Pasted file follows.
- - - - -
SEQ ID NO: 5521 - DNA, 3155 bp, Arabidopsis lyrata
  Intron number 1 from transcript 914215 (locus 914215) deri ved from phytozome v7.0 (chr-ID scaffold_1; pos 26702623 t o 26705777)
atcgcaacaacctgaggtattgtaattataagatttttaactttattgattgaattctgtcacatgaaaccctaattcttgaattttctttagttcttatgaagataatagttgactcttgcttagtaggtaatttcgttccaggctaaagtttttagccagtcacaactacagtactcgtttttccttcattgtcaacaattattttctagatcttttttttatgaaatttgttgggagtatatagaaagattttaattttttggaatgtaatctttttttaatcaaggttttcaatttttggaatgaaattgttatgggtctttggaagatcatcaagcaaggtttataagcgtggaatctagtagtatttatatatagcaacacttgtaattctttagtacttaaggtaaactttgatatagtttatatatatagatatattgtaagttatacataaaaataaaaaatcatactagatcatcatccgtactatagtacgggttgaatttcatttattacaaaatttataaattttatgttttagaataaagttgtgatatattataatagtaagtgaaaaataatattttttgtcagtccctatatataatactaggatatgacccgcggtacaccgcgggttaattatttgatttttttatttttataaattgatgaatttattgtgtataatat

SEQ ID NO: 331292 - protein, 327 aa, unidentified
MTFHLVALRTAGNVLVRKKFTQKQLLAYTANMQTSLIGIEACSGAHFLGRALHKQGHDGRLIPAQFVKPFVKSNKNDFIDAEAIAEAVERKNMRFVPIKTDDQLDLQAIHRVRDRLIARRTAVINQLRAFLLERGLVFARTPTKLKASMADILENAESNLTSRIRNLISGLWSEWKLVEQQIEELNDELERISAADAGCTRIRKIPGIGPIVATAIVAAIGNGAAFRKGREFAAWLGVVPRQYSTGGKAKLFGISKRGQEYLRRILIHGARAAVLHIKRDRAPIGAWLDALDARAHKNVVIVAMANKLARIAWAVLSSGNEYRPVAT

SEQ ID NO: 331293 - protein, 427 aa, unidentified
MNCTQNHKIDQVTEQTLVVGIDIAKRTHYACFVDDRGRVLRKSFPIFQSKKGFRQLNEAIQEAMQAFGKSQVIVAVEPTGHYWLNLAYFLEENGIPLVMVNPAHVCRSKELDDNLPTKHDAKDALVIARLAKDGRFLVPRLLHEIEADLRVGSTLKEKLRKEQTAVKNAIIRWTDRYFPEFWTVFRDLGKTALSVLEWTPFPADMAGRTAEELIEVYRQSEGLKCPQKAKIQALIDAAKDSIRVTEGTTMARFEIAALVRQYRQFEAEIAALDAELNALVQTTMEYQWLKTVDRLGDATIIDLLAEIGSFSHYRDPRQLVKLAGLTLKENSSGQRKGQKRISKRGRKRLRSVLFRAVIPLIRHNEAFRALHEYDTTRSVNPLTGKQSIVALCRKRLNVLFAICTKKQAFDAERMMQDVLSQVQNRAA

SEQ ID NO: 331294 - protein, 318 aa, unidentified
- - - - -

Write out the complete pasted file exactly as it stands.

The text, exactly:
SEQ ID NO: 5521 - DNA, 3155 bp, Arabidopsis lyrata
  Intron number 1 from transcript 914215 (locus 914215) deri ved from phytozome v7.0 (chr-ID scaffold_1; pos 26702623 t o 26705777)
atcgcaacaacctgaggtattgtaattataagatttttaactttattgattgaattctgtcacatgaaaccctaattcttgaattttctttagttcttatgaagataatagttgactcttgcttagtaggtaatttcgttccaggctaaagtttttagccagtcacaactacagtactcgtttttccttcattgtcaacaattattttctagatcttttttttatgaaatttgttgggagtatatagaaagattttaattttttggaatgtaatctttttttaatcaaggttttcaatttttggaatgaaattgttatgggtctttggaagatcatcaagcaaggtttataagcgtggaatctagtagtatttatatatagcaacacttgtaattctttagtacttaaggtaaactttgatatagtttatatatatagatatattgtaagttatacataaaaataaaaaatcatactagatcatcatccgtactatagtacgggttgaatttcatttattacaaaatttataaattttatgttttagaataaagttgtgatatattataatagtaagtgaaaaataatattttttgtcagtccctatatataatactaggatatgacccgcggtacaccgcgggttaattatttgatttttttatttttataaattgatgaatttattgtgtataatat

SEQ ID NO: 331292 - protein, 327 aa, unidentified
MTFHLVALRTAGNVLVRKKFTQKQLLAYTANMQTSLIGIEACSGAHFLGRALHKQGHDGRLIPAQFVKPFVKSNKNDFIDAEAIAEAVERKNMRFVPIKTDDQLDLQAIHRVRDRLIARRTAVINQLRAFLLERGLVFARTPTKLKASMADILENAESNLTSRIRNLISGLWSEWKLVEQQIEELNDELERISAADAGCTRIRKIPGIGPIVATAIVAAIGNGAAFRKGREFAAWLGVVPRQYSTGGKAKLFGISKRGQEYLRRILIHGARAAVLHIKRDRAPIGAWLDALDARAHKNVVIVAMANKLARIAWAVLSSGNEYRPVAT

SEQ ID NO: 331293 - protein, 427 aa, unidentified
MNCTQNHKIDQVTEQTLVVGIDIAKRTHYACFVDDRGRVLRKSFPIFQSKKGFRQLNEAIQEAMQAFGKSQVIVAVEPTGHYWLNLAYFLEENGIPLVMVNPAHVCRSKELDDNLPTKHDAKDALVIARLAKDGRFLVPRLLHEIEADLRVGSTLKEKLRKEQTAVKNAIIRWTDRYFPEFWTVFRDLGKTALSVLEWTPFPADMAGRTAEELIEVYRQSEGLKCPQKAKIQALIDAAKDSIRVTEGTTMARFEIAALVRQYRQFEAEIAALDAELNALVQTTMEYQWLKTVDRLGDATIIDLLAEIGSFSHYRDPRQLVKLAGLTLKENSSGQRKGQKRISKRGRKRLRSVLFRAVIPLIRHNEAFRALHEYDTTRSVNPLTGKQSIVALCRKRLNVLFAICTKKQAFDAERMMQDVLSQVQNRAA

SEQ ID NO: 331294 - protein, 318 aa, unidentified